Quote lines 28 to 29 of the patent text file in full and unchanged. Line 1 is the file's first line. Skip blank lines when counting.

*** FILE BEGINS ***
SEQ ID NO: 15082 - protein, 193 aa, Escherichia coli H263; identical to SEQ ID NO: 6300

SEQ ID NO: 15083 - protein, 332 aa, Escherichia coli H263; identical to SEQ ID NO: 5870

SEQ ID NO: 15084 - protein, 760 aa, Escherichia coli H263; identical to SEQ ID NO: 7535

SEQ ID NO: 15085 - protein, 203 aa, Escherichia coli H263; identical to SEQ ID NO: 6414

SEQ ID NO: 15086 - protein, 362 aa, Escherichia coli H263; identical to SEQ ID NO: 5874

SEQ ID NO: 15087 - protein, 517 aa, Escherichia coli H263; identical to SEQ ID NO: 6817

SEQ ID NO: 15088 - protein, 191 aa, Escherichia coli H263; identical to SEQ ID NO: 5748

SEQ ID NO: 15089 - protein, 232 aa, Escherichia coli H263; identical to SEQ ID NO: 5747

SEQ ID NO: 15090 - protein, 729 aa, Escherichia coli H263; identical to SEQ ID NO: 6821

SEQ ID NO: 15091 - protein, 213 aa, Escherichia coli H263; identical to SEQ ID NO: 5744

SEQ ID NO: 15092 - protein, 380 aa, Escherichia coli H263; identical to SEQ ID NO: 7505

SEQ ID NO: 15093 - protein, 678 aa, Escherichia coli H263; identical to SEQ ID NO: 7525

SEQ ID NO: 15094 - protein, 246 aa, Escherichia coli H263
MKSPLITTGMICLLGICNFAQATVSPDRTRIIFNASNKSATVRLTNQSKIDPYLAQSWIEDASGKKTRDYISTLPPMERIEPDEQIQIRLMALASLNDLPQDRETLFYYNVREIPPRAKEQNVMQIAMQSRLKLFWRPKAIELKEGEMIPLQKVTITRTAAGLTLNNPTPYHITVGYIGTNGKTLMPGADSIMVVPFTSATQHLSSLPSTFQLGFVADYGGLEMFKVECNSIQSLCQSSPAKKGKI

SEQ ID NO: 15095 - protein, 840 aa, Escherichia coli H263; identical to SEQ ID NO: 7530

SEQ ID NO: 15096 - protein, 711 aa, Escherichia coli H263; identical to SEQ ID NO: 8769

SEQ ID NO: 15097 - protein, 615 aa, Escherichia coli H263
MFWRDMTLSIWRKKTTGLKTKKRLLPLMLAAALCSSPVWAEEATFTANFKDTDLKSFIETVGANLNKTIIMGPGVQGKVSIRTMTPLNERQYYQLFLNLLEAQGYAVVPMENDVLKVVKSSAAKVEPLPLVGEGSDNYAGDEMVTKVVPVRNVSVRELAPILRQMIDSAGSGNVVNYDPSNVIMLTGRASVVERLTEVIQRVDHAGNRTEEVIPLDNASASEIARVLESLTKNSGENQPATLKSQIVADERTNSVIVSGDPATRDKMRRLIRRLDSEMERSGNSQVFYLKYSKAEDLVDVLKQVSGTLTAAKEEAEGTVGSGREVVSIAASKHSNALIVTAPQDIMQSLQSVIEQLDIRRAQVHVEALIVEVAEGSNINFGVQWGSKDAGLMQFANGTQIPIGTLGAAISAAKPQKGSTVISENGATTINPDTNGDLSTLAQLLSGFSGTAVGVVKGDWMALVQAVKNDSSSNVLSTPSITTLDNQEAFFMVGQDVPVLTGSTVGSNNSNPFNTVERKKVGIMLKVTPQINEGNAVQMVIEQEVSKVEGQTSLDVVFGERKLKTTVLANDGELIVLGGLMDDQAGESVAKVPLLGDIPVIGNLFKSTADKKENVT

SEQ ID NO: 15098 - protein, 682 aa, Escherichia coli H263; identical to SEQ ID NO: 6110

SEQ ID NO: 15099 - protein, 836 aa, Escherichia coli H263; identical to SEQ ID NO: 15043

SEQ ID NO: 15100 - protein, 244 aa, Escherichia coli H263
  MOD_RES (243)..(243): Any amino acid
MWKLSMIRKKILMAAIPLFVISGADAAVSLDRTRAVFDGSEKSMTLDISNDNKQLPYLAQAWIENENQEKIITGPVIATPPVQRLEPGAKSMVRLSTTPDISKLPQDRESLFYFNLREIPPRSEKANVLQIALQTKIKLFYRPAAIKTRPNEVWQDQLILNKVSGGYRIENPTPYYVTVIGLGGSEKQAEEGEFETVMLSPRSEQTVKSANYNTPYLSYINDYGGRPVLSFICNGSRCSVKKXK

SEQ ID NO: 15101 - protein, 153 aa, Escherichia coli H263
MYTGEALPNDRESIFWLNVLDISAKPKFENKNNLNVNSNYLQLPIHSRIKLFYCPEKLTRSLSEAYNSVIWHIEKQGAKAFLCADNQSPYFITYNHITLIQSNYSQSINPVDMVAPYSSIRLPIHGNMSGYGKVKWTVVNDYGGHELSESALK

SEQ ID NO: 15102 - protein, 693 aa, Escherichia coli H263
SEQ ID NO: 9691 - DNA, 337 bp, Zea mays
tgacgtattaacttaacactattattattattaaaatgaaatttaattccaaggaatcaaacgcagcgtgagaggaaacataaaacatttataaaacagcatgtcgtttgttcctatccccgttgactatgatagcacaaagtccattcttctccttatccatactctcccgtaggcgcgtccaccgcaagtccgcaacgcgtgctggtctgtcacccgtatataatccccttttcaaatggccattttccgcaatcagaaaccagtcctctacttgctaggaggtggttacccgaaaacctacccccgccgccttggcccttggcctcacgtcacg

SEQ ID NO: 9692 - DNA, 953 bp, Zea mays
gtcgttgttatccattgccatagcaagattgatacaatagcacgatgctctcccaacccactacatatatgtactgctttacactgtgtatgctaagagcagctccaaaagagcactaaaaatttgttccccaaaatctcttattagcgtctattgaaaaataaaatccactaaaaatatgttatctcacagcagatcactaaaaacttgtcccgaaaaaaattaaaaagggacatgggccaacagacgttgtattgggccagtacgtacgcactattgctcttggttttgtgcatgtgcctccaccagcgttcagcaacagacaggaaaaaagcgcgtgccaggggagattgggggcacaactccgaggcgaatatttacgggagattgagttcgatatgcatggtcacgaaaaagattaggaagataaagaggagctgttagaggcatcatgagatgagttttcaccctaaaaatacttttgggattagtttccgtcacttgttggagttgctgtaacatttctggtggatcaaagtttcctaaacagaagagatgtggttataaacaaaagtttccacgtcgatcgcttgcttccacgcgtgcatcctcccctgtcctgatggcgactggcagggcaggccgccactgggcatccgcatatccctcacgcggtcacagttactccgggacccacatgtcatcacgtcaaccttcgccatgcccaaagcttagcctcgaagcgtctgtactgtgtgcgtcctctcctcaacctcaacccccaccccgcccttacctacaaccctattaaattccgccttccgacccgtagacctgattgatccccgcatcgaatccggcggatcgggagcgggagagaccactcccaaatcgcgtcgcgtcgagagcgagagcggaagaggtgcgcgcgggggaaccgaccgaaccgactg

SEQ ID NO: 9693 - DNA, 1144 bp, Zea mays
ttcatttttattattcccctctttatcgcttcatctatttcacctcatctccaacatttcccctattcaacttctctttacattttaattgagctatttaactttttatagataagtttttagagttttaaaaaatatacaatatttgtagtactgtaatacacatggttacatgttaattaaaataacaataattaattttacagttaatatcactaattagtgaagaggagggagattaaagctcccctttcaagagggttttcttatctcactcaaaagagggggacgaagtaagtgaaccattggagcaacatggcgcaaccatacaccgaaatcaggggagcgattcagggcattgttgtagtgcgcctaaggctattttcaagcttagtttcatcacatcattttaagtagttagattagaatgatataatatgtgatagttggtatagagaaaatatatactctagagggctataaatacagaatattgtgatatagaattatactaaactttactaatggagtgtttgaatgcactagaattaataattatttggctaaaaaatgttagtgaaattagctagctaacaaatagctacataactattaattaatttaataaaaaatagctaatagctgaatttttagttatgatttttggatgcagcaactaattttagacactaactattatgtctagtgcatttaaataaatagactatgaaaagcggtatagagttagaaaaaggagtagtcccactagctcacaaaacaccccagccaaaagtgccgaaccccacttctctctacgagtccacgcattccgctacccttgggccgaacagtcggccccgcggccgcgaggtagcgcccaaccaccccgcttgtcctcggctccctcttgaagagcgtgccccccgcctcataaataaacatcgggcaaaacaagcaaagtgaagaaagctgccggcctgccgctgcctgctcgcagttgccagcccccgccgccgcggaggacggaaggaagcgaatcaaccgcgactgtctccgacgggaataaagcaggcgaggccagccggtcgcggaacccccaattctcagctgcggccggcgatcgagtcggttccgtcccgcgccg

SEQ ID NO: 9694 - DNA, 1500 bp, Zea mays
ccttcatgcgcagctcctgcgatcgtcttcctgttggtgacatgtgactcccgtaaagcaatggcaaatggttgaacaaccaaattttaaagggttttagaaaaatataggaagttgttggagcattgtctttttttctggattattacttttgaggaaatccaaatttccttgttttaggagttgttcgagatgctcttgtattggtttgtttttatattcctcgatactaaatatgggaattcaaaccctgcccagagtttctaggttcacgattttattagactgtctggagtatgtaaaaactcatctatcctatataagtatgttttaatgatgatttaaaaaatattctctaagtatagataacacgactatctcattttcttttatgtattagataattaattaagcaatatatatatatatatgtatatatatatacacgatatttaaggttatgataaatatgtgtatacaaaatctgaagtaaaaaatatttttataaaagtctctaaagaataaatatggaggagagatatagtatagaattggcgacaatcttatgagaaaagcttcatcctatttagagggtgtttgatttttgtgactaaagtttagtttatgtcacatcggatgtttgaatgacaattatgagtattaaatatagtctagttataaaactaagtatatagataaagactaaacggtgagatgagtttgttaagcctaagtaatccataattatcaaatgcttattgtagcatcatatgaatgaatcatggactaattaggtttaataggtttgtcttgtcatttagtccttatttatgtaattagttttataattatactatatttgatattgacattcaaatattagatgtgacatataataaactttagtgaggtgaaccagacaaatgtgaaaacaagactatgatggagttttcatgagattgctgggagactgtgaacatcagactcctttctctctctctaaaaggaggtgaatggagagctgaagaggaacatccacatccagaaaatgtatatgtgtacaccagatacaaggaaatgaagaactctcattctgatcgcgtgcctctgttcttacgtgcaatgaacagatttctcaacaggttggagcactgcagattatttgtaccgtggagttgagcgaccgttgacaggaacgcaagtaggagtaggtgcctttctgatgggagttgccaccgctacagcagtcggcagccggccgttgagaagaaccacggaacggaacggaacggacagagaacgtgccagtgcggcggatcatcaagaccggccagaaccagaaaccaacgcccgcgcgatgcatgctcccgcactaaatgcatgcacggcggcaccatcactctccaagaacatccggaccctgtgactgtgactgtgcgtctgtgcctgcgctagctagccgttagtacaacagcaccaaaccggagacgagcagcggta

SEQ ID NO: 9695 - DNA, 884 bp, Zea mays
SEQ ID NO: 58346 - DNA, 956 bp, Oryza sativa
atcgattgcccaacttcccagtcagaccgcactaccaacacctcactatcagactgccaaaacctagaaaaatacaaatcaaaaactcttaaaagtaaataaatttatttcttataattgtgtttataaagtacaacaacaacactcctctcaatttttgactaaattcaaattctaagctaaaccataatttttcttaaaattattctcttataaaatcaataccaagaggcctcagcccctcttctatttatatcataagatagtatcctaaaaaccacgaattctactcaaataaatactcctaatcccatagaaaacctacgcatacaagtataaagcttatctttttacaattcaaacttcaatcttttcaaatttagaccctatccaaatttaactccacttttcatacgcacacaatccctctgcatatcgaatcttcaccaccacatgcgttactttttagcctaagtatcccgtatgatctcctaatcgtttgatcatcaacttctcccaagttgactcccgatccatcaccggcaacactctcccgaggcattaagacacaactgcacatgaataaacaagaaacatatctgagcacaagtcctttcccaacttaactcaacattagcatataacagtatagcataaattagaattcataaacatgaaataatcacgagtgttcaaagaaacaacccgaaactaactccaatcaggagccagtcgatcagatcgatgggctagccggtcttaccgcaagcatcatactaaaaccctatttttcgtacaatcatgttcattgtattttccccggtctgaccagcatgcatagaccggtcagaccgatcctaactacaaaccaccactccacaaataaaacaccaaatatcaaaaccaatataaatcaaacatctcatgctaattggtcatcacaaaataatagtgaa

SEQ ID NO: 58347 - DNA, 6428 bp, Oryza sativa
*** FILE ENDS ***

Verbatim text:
tgacgtattaacttaacactattattattattaaaatgaaatttaattccaaggaatcaaacgcagcgtgagaggaaacataaaacatttataaaacagcatgtcgtttgttcctatccccgttgactatgatagcacaaagtccattcttctccttatccatactctcccgtaggcgcgtccaccgcaagtccgcaacgcgtgctggtctgtcacccgtatataatccccttttcaaatggccattttccgcaatcagaaaccagtcctctacttgctaggaggtggttacccgaaaacctacccccgccgccttggcccttggcctcacgtcacg

SEQ ID NO: 9692 - DNA, 953 bp, Zea mays